One thing that I know is that while God continues to invite us to live fuller, more joyful lives, we continue to make excuses and miss out. In the parable, those first invited to the wedding banquet made light of the invitation. It was no big deal to them – they had more important things to do. And so they returned to their work, denying the honor of the invitation and choosing instead something else as higher priority over celebrating with their king. Might that sound familiar? How many times have we all heard that invitation to feast – to partake fully of the life that God offers us – and yet we make light of it? We decide instead that we’re just too busy, or too tired. We have other more important things to do. We make excuses and we miss out. We can do that because God never fails to give us free will. God never forces grace upon us – we have to be willing to accept the invitation and show up.

And the other thing that I do know is that when we do accept the invitation, this is not a “come as you are” affair. The invitation certainly does meet us where we are – pulling us off the streets, out of our homes, the good and the bad, just as we are. But, when we arrive, rest assured we are expected to change. We’re expected to rise to the occasion – not to just come in for the sake of the buffet and hope to leave with a doggie bag – but to respond to the call by putting on the mantle of Christ, a robe of faith. As the old adage goes, “God loves you just the way you are, and God loves you too much to let you stay that way.” The clothing is not what’s actually important. The clothing is the outward sign of the internal transformation. If you show up at this feast, you’re expected to open your mind, expand your heart, reach out in love, and stoop down to serve.

In the end, I think there are two things we have to know about this parable. First, that Jesus spoke this parable in the context of an escalating polemic against the chief priests and Pharisees, who were, by this time, plotting to arrest him. While we may not choose to strictly read it as an allegory, it is most certainly hyperbole – the kind of exaggeration that Jesus would often use to catch the attention and stretch open the hearts and the minds of his listeners. In this case, he’s particularly focused on those leaders who have both the authority and the responsibility to teach and tend to God’s people. And secondly, though we are not the people to whom Jesus originally addressed this parable, inasmuch as we claim the leadership and authority to which God has called us as Christians, we need to be challenged by it. We need to be reminded that we are constantly being called again to the feast, and that we need to be ready to put down our distractions and respond to God’s call.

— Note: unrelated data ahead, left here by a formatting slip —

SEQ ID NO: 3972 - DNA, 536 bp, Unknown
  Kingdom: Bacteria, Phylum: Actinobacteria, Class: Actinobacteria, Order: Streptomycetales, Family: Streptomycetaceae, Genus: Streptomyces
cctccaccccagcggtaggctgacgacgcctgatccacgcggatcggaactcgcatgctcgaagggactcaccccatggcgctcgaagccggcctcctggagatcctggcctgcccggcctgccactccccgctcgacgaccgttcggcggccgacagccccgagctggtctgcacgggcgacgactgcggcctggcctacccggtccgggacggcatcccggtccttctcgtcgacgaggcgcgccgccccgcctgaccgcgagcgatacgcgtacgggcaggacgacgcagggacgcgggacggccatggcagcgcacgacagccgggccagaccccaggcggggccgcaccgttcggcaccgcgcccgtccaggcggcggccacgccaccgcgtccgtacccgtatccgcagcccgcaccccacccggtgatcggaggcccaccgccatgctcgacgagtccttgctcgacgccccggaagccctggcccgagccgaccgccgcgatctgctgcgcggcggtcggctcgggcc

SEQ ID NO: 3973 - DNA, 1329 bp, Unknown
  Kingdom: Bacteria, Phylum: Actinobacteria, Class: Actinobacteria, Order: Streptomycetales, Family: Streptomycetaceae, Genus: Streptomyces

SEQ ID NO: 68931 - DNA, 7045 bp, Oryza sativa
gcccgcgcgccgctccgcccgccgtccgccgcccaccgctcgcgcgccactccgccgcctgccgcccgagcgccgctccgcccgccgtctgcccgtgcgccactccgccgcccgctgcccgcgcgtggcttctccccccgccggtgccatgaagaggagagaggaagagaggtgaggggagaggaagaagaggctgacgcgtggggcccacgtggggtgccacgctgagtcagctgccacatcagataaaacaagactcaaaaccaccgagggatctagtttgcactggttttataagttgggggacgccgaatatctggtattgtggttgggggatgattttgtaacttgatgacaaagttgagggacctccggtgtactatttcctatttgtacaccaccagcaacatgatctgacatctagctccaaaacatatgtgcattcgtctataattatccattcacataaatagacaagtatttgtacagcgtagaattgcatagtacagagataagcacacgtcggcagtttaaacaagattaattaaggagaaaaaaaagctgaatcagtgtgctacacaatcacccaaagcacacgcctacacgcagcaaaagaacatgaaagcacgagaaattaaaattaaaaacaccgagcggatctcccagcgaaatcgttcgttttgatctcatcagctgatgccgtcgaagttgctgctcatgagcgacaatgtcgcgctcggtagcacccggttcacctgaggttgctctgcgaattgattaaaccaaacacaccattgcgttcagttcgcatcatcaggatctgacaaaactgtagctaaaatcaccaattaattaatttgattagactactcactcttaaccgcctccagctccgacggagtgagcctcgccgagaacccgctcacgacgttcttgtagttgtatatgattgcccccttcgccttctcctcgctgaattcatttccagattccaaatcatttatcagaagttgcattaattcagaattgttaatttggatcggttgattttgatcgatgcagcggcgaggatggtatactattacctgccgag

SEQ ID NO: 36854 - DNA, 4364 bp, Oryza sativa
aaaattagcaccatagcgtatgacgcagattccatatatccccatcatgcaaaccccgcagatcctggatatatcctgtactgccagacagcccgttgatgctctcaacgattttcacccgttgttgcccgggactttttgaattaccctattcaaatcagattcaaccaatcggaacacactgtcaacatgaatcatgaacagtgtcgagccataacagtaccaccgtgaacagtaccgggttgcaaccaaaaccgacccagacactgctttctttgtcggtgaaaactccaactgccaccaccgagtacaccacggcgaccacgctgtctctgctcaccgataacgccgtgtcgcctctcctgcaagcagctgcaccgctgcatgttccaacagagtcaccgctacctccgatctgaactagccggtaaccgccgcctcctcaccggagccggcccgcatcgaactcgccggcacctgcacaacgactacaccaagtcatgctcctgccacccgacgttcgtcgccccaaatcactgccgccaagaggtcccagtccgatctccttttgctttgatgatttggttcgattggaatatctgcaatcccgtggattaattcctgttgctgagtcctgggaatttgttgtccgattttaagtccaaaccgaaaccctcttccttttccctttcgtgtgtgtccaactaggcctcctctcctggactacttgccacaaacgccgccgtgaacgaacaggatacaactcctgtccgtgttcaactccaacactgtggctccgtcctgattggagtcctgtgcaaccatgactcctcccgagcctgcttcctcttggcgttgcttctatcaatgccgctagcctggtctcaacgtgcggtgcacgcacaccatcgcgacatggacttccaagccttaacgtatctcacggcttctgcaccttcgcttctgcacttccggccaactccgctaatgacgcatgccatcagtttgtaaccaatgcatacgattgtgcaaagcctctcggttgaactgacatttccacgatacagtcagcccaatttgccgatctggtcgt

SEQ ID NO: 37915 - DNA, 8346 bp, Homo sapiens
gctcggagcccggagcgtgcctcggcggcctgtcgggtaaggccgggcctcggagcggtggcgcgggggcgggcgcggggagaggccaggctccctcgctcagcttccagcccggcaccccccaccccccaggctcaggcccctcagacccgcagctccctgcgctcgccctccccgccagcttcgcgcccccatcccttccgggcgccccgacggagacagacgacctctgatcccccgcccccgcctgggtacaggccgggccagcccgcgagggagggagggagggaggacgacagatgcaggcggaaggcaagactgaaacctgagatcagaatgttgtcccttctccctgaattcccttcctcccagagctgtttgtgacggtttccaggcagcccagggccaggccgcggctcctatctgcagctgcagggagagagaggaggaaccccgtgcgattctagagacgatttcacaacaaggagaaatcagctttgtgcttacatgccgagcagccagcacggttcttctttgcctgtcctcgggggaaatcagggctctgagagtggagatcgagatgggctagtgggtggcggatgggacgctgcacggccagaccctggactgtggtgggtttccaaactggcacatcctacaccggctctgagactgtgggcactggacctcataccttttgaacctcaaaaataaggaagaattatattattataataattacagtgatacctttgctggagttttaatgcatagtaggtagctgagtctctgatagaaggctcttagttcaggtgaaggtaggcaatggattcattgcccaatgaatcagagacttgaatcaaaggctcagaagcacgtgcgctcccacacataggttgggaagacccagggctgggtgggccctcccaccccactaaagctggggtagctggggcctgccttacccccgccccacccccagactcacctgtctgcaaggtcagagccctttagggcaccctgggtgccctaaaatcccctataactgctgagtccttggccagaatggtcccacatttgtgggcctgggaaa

And as we do so, we need also to be reminded that our response will also require our readiness to be transformed. We can’t expect to come to the table and stay just as we are. For God has good things to give us—fullness of life, joy, and mercy. To receive these gifts, we have to show up, we have to take our place at the table and be ready for these gifts to transform us. Even as Jesus was speaking this difficult parable, there is no doubt to me that he also knew the scriptures.

So in the background of this parable, there is the Song of Solomon, that great ancient song of love between God and his people, which says, “He brought me to his banqueting house, and his banner over me was love.”